John Zhang, a New York fertility doctor, wanted to push the boundaries of science and fertility by giving women at risk of passing on serious genetic conditions a chance at healthy kids through an IVF technique that uses the DNA of three people. But on Friday, regulators at the US Food and Drug Administration issued a warning: Zhang, they said, would not be allowed to move forward with the procedure. At least, not if any part of it took place in the United States.
John Zhang with the first baby born through an IVF technique that uses the DNA of three people. The baby was born in April 2016. Image: New Hope Fertility Clinic
The IVF technique in question involves replacing the teeny amount of mitochondrial DNA in an embryo with DNA from a donor in order to prevent mitochondrial diseases from being passed down by a mother. It's known as the "three-parent baby technique" because, technically speaking, it creates an embryo with three genetic "parents".
Last spring, Zhang made headlines when his clinic announced that for the first time, a baby had been born using the procedure. To produce a three-parent baby, Zhang relied on a tricky legal work-around. Because implanting a genetically-modified embryo is illegal in the US, that part of the procedure took place in Mexico. But because Mexico also has rules that interfere with producing a genetically-modified embryo there, the embryo was first made in the US.
This winter, Zhang began marketing his procedure in the US through a new company he founded, called Darwin Life. It was marketed as not only a fix for mitochondrial diseases but also as way to solve age-related infertility issues. Like his first procedure, the eggs would be designed in the US and implanted elsewhere. The procedure, Zhang told Gizmodo earlier this year, could cost as much as $US100,000 ($126,406).
In its Friday letter, the FDA said that after a request to conduct a clinical investigation of the technique was denied, Zhang had told regulators he would not perform the technique again without permission. Still, the agency wrote, he continued to promote it on the company website, his personal blog and elsewhere. Creating embryos intended for human research is against regulations, the FDA wrote, as is exporting those embryos. US Congress has banned the FDA from even reviewing proposals for clinical uses of genetically-modified human embryos. Last year, a panel of US government advisers said it is ethical to begin testing three-parent techniques in pregnancy under strict guidance, but currently, the bans stand.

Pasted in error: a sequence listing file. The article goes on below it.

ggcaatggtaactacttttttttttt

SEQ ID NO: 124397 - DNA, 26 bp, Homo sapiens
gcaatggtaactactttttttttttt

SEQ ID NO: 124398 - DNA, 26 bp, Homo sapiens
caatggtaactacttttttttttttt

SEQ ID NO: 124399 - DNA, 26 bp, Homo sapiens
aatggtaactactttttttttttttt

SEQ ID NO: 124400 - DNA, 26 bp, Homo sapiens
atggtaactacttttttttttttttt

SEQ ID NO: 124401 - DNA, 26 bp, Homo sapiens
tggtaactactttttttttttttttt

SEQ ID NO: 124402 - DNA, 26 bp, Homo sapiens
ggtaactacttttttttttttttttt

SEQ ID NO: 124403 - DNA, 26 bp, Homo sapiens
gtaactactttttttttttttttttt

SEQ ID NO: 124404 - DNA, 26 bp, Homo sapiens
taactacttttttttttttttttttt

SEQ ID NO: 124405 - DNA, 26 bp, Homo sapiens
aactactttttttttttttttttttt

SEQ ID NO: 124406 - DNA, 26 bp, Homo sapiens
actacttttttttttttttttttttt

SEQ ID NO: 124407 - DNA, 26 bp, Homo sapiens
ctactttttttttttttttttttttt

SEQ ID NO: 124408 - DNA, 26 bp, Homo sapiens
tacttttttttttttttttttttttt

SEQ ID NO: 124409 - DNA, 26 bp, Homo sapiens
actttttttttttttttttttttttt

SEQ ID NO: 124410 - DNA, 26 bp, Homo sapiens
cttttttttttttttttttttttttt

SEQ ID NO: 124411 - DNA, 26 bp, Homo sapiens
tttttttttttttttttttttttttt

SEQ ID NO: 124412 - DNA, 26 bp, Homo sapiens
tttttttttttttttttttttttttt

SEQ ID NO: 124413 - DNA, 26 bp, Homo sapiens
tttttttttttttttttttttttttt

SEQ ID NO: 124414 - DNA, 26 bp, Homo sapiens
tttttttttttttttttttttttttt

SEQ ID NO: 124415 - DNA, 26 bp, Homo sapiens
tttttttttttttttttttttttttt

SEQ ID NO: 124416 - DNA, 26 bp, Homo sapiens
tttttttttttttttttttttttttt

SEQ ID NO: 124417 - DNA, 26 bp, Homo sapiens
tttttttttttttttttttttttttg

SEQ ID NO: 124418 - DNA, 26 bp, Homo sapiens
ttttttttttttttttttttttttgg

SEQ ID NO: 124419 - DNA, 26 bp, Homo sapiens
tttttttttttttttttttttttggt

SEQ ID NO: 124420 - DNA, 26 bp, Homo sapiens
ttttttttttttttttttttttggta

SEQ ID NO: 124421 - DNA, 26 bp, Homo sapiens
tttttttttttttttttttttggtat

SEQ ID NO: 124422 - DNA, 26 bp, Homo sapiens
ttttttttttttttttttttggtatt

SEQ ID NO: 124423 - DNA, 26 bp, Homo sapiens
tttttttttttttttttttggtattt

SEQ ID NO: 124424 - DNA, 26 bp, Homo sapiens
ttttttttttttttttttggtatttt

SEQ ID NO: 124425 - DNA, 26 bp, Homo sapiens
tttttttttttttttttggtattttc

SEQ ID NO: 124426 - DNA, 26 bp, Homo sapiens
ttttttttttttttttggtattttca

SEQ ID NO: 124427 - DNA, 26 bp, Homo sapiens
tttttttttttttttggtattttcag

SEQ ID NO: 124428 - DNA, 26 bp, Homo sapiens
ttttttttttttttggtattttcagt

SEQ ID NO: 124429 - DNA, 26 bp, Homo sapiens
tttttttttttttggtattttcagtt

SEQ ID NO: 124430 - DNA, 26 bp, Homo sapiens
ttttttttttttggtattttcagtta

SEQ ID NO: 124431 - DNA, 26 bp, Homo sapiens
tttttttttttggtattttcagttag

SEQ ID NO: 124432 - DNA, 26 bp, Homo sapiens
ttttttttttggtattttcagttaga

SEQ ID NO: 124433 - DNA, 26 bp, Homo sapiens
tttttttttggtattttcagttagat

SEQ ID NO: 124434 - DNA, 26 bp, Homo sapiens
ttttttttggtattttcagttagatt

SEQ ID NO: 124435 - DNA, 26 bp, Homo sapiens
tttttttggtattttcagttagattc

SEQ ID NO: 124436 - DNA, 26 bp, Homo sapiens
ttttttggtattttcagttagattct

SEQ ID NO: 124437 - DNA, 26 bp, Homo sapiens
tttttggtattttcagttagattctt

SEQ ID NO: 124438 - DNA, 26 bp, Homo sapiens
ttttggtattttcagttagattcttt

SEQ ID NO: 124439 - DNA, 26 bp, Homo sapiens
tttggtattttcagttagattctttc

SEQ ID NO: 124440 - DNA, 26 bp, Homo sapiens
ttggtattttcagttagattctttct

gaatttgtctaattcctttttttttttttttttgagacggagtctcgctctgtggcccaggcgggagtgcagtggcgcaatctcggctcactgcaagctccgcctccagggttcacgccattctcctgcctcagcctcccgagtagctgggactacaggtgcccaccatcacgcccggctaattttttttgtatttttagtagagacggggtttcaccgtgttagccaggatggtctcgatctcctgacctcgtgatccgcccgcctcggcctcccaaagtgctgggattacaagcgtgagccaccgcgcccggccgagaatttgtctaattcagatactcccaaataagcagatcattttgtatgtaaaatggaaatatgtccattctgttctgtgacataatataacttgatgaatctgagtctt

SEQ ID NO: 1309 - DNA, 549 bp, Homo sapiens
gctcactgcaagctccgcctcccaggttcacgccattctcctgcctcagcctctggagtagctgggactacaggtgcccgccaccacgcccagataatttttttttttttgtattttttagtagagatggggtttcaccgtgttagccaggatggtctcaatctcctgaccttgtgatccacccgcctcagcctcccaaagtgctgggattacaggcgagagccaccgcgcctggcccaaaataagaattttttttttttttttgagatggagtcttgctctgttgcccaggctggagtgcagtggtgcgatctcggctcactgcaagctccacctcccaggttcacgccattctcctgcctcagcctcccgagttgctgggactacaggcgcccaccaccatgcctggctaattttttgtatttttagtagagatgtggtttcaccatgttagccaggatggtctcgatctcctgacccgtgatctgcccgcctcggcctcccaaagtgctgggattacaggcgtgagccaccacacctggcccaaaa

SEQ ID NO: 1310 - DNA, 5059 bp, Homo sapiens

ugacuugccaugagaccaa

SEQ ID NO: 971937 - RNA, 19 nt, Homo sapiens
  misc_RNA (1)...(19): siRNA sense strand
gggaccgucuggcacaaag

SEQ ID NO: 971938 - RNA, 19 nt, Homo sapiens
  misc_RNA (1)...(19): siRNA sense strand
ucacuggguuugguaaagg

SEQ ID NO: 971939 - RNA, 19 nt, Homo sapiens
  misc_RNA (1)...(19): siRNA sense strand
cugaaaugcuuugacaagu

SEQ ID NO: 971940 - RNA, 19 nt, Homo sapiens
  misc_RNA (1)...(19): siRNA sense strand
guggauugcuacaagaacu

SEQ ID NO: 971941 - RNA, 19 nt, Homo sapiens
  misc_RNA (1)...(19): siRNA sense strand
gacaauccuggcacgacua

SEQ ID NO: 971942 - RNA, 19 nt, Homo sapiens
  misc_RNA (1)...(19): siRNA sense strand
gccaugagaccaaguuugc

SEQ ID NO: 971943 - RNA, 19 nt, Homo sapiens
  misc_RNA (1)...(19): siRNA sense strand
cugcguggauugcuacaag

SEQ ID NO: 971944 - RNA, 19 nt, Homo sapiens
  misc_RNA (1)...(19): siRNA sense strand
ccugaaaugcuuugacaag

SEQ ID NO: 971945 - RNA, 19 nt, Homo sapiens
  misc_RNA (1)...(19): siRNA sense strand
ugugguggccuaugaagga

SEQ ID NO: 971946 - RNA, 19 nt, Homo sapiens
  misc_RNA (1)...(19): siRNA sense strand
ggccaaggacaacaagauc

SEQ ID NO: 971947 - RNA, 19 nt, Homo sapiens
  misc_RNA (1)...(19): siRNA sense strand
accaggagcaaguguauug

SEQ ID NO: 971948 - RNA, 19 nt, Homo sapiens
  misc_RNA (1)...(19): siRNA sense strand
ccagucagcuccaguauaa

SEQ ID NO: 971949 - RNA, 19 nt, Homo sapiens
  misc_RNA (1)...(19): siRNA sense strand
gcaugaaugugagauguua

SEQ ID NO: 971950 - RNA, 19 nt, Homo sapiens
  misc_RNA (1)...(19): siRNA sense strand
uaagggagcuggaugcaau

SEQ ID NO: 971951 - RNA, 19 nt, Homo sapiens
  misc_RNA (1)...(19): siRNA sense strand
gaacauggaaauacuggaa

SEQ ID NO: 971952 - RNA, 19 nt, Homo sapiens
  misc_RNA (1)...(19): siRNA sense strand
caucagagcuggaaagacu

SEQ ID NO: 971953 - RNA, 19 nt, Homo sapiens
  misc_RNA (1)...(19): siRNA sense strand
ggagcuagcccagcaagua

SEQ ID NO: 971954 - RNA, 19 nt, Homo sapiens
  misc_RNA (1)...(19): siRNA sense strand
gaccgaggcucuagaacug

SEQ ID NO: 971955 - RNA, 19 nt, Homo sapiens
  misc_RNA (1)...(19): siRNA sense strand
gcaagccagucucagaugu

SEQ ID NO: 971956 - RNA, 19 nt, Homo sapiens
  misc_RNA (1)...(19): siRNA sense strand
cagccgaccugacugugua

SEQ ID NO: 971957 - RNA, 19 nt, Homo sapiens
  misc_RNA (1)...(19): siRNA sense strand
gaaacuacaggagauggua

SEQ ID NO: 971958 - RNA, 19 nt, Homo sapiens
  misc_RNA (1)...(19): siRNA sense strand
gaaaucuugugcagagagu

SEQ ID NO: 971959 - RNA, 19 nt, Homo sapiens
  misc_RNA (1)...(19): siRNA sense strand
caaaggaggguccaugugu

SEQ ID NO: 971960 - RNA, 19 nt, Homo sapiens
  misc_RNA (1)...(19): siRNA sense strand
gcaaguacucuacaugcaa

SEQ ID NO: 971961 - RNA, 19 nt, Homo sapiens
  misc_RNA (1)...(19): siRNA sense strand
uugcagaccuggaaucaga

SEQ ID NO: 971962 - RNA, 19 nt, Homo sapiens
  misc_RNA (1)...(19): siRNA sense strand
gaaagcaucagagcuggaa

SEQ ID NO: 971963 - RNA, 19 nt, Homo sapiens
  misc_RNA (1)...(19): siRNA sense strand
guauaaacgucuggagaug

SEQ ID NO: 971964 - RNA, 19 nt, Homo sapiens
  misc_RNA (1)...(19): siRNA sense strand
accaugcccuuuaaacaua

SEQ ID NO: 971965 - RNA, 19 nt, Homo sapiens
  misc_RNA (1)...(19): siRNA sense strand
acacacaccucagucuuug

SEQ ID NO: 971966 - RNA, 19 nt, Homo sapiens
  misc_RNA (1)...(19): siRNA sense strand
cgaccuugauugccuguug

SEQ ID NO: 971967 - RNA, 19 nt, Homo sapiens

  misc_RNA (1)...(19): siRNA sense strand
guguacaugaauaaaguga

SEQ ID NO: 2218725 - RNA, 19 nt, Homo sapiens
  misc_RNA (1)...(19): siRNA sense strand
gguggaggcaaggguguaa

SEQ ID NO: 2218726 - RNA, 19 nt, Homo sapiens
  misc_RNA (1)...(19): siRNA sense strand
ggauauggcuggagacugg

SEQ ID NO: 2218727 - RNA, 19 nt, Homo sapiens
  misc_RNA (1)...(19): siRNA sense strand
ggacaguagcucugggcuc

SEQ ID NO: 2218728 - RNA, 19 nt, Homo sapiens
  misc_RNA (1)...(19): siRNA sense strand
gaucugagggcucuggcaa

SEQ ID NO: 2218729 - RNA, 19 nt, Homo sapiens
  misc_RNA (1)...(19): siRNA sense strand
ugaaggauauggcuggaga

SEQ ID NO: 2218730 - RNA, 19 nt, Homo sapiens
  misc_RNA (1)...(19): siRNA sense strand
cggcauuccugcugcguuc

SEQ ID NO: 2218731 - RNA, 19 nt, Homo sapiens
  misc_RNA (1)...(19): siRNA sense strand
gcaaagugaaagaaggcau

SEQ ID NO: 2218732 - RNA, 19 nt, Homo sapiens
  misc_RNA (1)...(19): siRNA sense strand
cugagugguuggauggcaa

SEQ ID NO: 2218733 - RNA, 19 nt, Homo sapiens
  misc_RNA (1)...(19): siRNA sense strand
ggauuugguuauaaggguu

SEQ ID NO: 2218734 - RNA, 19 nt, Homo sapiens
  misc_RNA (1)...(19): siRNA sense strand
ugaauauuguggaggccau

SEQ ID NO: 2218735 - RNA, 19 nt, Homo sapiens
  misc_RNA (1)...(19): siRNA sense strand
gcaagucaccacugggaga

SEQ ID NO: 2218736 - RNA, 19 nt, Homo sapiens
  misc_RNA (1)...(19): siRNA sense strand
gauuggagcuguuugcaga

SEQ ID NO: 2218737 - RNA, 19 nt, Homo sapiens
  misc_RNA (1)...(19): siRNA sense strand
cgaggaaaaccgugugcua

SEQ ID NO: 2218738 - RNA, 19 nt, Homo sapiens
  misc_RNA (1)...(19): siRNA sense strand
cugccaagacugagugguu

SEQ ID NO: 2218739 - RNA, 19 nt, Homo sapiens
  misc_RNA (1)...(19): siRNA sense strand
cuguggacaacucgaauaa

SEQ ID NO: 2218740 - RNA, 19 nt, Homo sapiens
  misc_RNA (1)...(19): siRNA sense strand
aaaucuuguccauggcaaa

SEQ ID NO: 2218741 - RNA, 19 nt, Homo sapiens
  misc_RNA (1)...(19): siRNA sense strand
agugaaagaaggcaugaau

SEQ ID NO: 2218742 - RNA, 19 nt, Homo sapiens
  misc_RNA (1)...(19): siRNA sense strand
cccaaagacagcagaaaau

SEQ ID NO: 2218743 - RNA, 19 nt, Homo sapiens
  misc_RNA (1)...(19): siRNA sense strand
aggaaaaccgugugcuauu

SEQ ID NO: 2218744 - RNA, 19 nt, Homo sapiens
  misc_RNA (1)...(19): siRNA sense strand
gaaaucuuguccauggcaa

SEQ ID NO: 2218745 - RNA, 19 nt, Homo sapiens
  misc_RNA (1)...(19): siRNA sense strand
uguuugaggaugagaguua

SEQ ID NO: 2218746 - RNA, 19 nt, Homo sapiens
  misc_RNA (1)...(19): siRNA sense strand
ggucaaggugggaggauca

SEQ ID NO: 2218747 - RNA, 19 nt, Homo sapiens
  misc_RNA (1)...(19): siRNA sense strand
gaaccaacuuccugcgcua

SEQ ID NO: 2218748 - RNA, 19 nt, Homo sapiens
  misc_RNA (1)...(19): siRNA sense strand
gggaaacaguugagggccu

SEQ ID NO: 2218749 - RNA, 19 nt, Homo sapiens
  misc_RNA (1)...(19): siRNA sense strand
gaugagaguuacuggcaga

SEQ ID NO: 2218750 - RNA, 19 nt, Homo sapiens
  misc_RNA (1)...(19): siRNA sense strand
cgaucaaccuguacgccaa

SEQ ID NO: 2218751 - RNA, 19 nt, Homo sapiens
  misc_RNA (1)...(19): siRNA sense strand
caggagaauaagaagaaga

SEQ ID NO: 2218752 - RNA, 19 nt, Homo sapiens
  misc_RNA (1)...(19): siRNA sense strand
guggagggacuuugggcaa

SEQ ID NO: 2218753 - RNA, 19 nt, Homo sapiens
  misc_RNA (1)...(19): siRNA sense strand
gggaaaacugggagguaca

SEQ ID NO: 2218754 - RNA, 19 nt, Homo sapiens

When reached for comment, Zhang's company said that it plans to comply "with all applicable requirements".
"Darwin Life takes FDA's letter seriously, and is in the process of clarifying the current status of our activities with FDA," the company said.
The FDA said only that it does not comment on open matters, other than to say it "may or may not pursue further communication or interaction with a firm, depending upon the available information".
The idea of using genetic material from a donor "parent" to fix problematic egg cells isn't new. In the 1990s, several babies were born with genetic material from a donor using a different technique, but some of them eventually developed genetic disorders and the technology was never approved. Then, too, mitochondrial disease was the main focus of treatment. Mitochondrial DNA is made up of just 37 genes and can only be passed on to a child by its mother. Replacing that tiny bit of genetic code could save a child from a deadly disorder they would otherwise definitely inherit.
So far, three-parent baby techniques have only been legally approved in the UK, under very strict guidelines. In March, the UK issued the first licence for a clinic to perform a procedure similar to Zhang's. Critics have argued that the US is obstructing a technology that could help eliminate rare diseases. But Zhang's methodology has also come under fire, with critics questioning whether children would be healthy long term and whether it might work as a treatment for age-related infertility at all.
"I'm seeing too much of a focus on advertising and commercialising [the technique] and not enough of an emphasis on complying with regulations and generating safety and efficacy data before entering the marketplace," Leigh Turner, a bioethicist at University of Minnesota, told Gizmodo. "Of course, given the current ban on such research in the US, at present it isn't possible to conduct the clinical research needed to generate such data."
Leigh said Darwin Life's only way to continue performing the technique would be to commit "regulatory arbitrage" and relocate the whole company to another country.
"Even though the FDA issued an untitled letter rather than a warning letter, the FDA is clearly indicating what kind of marketing claims and clinical research it will not permit," he said.